BALTIMORE -- Jeremy Hellickson doesn't have to hear about May 16 anymore.
Before Tuesday, May 16 was the last time Hellickson had recorded a win, a stretch of nine consecutive starts.
"Is that when it was? Oh man," Hellickson said, chuckling and rolling his eyes. "It feels really good. A good team win tonight."
Hellickson allowed only one run and three baserunners in 6 1/3 innings as the Rays beat the Orioles 3-1 at Camden Yards, an important first step in a nine-game road trip against fellow Wild Card contenders.
With the win, the Rays now trail the Orioles by just a single game for second place in the American League East.
"These are big games, all of the teams are in contention," said third baseman Brooks Conrad, who blasted a towering two-run home run in the fifth. "That was a big win for us tonight to start the road trip off on the right foot."
It was also a big win for Hellickson, whose stretch of nine consecutive outings without a win entering Tuesday was the longest by a Rays player in a single season since Matt Garza matched it in 2009.
He allowed more than three earned runs only once during that streak, but hadn't been able to overcome a struggling Rays offense, which had only six hits on Tuesday.
Hellickson did not allow a walk for the first time since April 30, and his three hits allowed tied his April 4 gem against the Yankees for the lowest output of the season.
"[Hellickson] was more aggressive with his fastball I thought in the strike zone, and his curveball was a weapon tonight," Rays manager Joe Maddon said. "He was not tap dancing with the fastball. When he's able to really throw, he's got a good fastball. He's got his best fastball, probably that I've seen since I've known him, over his last three or four starts."
Center fielder Adam Jones provided all of the O's offense in the fourth, blasting a fastball down the heart of the plate 445 feet into the Rays' bullpen beyond the left-center-field fence.
The O's had another chance to push a run across in the sixth, after Nick Markakis smashed a double off the top of the wall in right with one out. But Hellickson retired J.J. Hardy and Jim Thome on groundouts, lowering his opponent's batting average with runners in scoring position to a meager .162.
"I just have to get ahead of guys, and I did a good job of that tonight," said Hellickson, who threw 15 of 22 first-pitch strikes.
With the win, Hellickson moves to 5-2 with a 2.25 ERA in his career against the Orioles.
The righty's start was the latest in a string of good outings for Rays pitchers, who have posted a 1.44 ERA with 23 hits, 13 walks and 60 strikeouts in the past five games.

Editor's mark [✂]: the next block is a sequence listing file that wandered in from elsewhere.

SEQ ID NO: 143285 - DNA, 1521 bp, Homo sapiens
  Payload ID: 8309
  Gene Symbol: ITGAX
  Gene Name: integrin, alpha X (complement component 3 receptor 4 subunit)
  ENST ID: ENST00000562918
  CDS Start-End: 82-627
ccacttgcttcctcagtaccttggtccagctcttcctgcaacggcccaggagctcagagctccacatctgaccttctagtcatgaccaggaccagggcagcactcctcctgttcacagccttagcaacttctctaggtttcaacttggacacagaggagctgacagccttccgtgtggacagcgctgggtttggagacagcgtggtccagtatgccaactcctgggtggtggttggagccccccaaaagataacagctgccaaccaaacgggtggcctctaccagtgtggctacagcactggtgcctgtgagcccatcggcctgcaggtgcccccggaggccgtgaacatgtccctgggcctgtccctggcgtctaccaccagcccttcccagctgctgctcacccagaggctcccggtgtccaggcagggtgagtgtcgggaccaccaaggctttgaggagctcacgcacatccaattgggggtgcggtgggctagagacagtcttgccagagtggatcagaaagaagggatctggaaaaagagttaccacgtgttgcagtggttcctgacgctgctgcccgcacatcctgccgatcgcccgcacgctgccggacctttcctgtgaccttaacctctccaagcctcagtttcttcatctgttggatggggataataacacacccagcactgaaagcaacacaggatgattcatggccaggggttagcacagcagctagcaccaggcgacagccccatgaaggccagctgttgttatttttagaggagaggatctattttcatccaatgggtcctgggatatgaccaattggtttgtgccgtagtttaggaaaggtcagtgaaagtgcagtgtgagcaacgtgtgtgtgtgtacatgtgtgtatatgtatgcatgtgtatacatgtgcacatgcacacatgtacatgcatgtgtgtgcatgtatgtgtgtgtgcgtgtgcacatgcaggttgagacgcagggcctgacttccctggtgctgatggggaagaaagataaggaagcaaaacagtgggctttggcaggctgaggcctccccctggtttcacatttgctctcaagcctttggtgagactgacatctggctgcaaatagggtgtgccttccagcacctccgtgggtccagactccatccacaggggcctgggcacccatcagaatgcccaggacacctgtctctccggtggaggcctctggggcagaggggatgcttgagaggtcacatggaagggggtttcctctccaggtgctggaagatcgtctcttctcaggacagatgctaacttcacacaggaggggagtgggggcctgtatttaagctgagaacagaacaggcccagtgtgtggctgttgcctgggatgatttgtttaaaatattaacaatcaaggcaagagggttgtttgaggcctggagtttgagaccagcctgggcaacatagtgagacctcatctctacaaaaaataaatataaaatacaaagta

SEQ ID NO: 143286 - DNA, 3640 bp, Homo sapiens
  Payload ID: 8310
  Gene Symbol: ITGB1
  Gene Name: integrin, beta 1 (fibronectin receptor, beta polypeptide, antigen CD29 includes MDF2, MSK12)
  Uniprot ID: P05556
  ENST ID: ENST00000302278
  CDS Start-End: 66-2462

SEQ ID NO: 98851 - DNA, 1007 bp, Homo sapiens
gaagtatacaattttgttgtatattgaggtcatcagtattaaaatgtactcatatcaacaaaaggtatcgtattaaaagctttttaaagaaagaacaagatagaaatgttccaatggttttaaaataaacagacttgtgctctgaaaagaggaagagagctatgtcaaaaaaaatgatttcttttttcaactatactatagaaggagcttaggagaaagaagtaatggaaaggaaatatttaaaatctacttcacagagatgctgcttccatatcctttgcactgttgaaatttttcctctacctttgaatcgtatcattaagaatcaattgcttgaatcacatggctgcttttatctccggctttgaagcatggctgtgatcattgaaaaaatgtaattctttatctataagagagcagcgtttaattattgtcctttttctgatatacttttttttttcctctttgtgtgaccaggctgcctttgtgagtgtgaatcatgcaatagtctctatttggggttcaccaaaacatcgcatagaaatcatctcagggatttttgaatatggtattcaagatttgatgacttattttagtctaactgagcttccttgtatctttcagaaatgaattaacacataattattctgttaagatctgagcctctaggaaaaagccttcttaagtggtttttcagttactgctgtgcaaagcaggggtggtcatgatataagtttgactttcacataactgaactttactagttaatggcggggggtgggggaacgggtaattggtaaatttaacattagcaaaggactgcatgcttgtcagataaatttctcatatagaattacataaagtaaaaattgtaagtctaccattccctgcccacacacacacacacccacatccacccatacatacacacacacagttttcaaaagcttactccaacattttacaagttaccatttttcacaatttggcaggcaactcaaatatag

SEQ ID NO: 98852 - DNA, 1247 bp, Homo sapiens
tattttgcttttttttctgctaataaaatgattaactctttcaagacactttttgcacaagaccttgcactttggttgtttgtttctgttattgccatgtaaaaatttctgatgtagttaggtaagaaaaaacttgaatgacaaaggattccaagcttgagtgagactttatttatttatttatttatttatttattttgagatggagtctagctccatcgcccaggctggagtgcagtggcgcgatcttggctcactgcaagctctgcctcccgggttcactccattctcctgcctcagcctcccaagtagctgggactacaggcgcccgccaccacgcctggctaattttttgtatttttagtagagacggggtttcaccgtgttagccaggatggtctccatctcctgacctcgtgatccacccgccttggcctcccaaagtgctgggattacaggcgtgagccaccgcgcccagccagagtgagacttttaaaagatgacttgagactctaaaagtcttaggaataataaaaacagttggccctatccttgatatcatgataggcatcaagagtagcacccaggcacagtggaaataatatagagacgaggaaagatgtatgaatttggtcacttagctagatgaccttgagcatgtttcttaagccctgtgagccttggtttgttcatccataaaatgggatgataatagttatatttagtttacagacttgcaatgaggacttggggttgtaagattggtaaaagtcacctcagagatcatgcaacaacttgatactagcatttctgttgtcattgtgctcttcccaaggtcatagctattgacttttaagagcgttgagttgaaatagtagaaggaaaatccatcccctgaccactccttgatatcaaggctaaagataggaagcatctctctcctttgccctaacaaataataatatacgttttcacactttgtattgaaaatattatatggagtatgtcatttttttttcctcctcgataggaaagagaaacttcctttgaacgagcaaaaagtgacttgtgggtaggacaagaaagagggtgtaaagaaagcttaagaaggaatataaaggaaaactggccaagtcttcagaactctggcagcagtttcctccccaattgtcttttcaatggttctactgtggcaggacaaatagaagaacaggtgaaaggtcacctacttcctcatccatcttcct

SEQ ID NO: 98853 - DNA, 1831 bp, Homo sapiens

Closer Fernando Rodney put that stretch in danger in the ninth, walking J.J. Hardy and Jim Thome with one out after allowing only five walks over his first 43 2/3 innings this season.
Adam Jones looked poised to make it three in a row, getting ahead in the count 3-0 before Rodney struck him out with three consecutive changeups.
"The 3-0 punchout on Jones was probably the biggest play of the night," Maddon said.
"I feel good with the changeups," Rodney said. "It feels good when I can throw it back-to-back-to-back. They're looking for a good pitch they can drive, but if you've got good location, no matter what pitch, that's going to be difficult."
Matt Wieters was up next and struck out swinging at another changeup, stretching the Rays' bullpen's scoreless streak to 19 consecutive innings.
"They've been awesome," Hellickson said of the 'pen. "They've been great all year, and they were good tonight, too."
Orioles starter Wei-Yin Chen looked equal to the Rays pitching for much of the night.
Tampa Bay hitters struggled to make solid contact until Conrad, starting for the first time since July 7 and mired in a 2-for-30 slump with 18 strikeouts, slammed a hanging slider over the left-field fence to give the Rays a 2-1 lead in the fifth.
"Brooksy stepping up like he did right there, I know he's going to sleep pretty well tonight," Maddon said. "This is the kind of guy that's never going to quit, and you definitely appreciate that about him.
"He has struggled through some moments, but that was obviously a big moment for him tonight, and for us."
With the Rays struggling to score runs in recent weeks, contributions from unexpected sources like Conrad can be invaluable.
Maddon praised Conrad's ability to be ready at a moment's notice and produce in limited at-bats, a skill he'll likely be using even more after the Rays acquired Ryan Roberts on Tuesday.
"We have several guys who play sporadically and when they do step up like that, it makes a huge difference," Maddon said.
"That's what needs to happen to get some wins here," Conrad said. "Guys off the bench have to come in and do their job, and things like that have to happen for us to continue to win games."
Jeff Keppinger had two of the four hits off Chen, including a bloop RBI single to right in the sixth that gave the Rays a 3-1 lead and pushed the first baseman's batting average against lefties to .458.
Sam Fuld notched a bunt single in the seventh, scored on Conrad's homer after walking in the fourth and even stole a base in his first game back after undergoing right wrist surgery in March.
Fuld said he was "surprisingly calmer" than he thought he would be in his 2012 debut, working deep into counts and staying relaxed even as he tinkered with opening and closing his batting stance between at-bats.
"I told him he was the catalyst walking off the field," Maddon said. "He's kind of comfortable to watch out there. You know that he's going to give you a good game of baseball whenever he plays."
Greg Luca is an associate reporter for MLB.com. This story was not subject to the approval of Major League Baseball or its clubs.